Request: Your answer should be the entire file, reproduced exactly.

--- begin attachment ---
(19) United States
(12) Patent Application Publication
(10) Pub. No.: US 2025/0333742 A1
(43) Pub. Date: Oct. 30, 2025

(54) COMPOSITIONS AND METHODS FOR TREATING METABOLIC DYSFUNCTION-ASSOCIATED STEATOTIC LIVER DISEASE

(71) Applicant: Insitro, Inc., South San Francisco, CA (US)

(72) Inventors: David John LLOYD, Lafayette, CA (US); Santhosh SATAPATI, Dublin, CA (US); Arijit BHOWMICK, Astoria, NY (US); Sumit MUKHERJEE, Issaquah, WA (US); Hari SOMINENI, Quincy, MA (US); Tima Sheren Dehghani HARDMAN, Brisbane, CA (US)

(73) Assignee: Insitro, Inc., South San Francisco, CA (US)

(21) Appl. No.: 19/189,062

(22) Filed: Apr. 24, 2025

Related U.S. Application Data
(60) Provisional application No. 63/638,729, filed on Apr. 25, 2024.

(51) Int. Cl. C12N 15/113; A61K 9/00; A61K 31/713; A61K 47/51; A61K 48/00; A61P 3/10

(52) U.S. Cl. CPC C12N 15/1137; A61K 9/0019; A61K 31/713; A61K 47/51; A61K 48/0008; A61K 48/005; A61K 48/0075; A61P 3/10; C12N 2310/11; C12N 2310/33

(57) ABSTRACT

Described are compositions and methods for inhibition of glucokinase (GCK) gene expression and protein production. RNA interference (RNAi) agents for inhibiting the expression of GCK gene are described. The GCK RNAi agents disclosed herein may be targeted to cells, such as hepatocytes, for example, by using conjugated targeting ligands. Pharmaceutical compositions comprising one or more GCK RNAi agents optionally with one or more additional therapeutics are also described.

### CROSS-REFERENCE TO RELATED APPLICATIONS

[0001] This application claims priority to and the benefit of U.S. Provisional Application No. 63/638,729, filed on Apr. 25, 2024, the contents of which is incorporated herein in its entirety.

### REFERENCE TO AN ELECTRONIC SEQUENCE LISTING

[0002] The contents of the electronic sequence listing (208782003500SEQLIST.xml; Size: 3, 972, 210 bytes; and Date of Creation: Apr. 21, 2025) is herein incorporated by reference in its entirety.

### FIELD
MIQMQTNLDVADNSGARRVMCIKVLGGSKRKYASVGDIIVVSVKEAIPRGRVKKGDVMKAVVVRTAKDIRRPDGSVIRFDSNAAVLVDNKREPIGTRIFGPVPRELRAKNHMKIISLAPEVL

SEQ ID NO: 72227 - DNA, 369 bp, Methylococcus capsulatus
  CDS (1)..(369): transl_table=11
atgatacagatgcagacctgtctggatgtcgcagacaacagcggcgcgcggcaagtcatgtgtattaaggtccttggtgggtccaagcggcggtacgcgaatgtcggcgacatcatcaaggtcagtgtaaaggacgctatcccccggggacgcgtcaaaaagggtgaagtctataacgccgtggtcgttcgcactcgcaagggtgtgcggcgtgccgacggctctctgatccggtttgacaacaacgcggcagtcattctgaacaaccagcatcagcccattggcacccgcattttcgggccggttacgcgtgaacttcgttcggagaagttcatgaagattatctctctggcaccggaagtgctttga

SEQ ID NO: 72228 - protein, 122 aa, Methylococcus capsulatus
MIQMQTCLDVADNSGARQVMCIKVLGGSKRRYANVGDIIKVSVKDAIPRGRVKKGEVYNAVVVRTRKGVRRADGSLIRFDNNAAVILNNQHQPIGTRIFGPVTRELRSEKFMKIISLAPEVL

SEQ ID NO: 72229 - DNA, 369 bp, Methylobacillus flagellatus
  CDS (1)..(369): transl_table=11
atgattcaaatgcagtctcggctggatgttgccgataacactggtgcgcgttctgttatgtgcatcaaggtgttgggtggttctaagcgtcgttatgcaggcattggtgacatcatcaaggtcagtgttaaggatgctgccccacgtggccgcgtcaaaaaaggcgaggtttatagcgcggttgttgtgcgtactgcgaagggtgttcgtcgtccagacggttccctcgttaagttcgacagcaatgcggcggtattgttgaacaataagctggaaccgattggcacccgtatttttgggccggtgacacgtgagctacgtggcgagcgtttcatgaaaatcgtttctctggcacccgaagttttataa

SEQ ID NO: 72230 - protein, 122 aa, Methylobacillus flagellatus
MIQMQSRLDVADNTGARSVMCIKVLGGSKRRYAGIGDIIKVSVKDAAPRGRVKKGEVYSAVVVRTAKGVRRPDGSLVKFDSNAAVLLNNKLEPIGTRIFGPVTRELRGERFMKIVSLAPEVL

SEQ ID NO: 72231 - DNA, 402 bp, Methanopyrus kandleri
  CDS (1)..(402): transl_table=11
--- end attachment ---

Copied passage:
(19) United States
(12) Patent Application Publication
(10) Pub. No.: US 2025/0333742 A1
(43) Pub. Date: Oct. 30, 2025

(54) COMPOSITIONS AND METHODS FOR TREATING METABOLIC DYSFUNCTION-ASSOCIATED STEATOTIC LIVER DISEASE

(71) Applicant: Insitro, Inc., South San Francisco, CA (US)

(72) Inventors: David John LLOYD, Lafayette, CA (US); Santhosh SATAPATI, Dublin, CA (US); Arijit BHOWMICK, Astoria, NY (US); Sumit MUKHERJEE, Issaquah, WA (US); Hari SOMINENI, Quincy, MA (US); Tima Sheren Dehghani HARDMAN, Brisbane, CA (US)

(73) Assignee: Insitro, Inc., South San Francisco, CA (US)

(21) Appl. No.: 19/189,062

(22) Filed: Apr. 24, 2025

Related U.S. Application Data
(60) Provisional application No. 63/638,729, filed on Apr. 25, 2024.

(51) Int. Cl. C12N 15/113; A61K 9/00; A61K 31/713; A61K 47/51; A61K 48/00; A61P 3/10

(52) U.S. Cl. CPC C12N 15/1137; A61K 9/0019; A61K 31/713; A61K 47/51; A61K 48/0008; A61K 48/005; A61K 48/0075; A61P 3/10; C12N 2310/11; C12N 2310/33

(57) ABSTRACT

Described are compositions and methods for inhibition of glucokinase (GCK) gene expression and protein production. RNA interference (RNAi) agents for inhibiting the expression of GCK gene are described. The GCK RNAi agents disclosed herein may be targeted to cells, such as hepatocytes, for example, by using conjugated targeting ligands. Pharmaceutical compositions comprising one or more GCK RNAi agents optionally with one or more additional therapeutics are also described.

### CROSS-REFERENCE TO RELATED APPLICATIONS

[0001] This application claims priority to and the benefit of U.S. Provisional Application No. 63/638,729, filed on Apr. 25, 2024, the contents of which is incorporated herein in its entirety.

### REFERENCE TO AN ELECTRONIC SEQUENCE LISTING

[0002] The contents of the electronic sequence listing (208782003500SEQLIST.xml; Size: 3, 972, 210 bytes; and Date of Creation: Apr. 21, 2025) is herein incorporated by reference in its entirety.

### FIELD
MIQMQTNLDVADNSGARRVMCIKVLGGSKRKYASVGDIIVVSVKEAIPRGRVKKGDVMKAVVVRTAKDIRRPDGSVIRFDSNAAVLVDNKREPIGTRIFGPVPRELRAKNHMKIISLAPEVL

SEQ ID NO: 72227 - DNA, 369 bp, Methylococcus capsulatus
  CDS (1)..(369): transl_table=11
atgatacagatgcagacctgtctggatgtcgcagacaacagcggcgcgcggcaagtcatgtgtattaaggtccttggtgggtccaagcggcggtacgcgaatgtcggcgacatcatcaaggtcagtgtaaaggacgctatcccccggggacgcgtcaaaaagggtgaagtctataacgccgtggtcgttcgcactcgcaagggtgtgcggcgtgccgacggctctctgatccggtttgacaacaacgcggcagtcattctgaacaaccagcatcagcccattggcacccgcattttcgggccggttacgcgtgaacttcgttcggagaagttcatgaagattatctctctggcaccggaagtgctttga

SEQ ID NO: 72228 - protein, 122 aa, Methylococcus capsulatus
MIQMQTCLDVADNSGARQVMCIKVLGGSKRRYANVGDIIKVSVKDAIPRGRVKKGEVYNAVVVRTRKGVRRADGSLIRFDNNAAVILNNQHQPIGTRIFGPVTRELRSEKFMKIISLAPEVL

SEQ ID NO: 72229 - DNA, 369 bp, Methylobacillus flagellatus
  CDS (1)..(369): transl_table=11
atgattcaaatgcagtctcggctggatgttgccgataacactggtgcgcgttctgttatgtgcatcaaggtgttgggtggttctaagcgtcgttatgcaggcattggtgacatcatcaaggtcagtgttaaggatgctgccccacgtggccgcgtcaaaaaaggcgaggtttatagcgcggttgttgtgcgtactgcgaagggtgttcgtcgtccagacggttccctcgttaagttcgacagcaatgcggcggtattgttgaacaataagctggaaccgattggcacccgtatttttgggccggtgacacgtgagctacgtggcgagcgtttcatgaaaatcgtttctctggcacccgaagttttataa

SEQ ID NO: 72230 - protein, 122 aa, Methylobacillus flagellatus
MIQMQSRLDVADNTGARSVMCIKVLGGSKRRYAGIGDIIKVSVKDAAPRGRVKKGEVYSAVVVRTAKGVRRPDGSLVKFDSNAAVLLNNKLEPIGTRIFGPVTRELRGERFMKIVSLAPEVL

SEQ ID NO: 72231 - DNA, 402 bp, Methanopyrus kandleri
  CDS (1)..(402): transl_table=11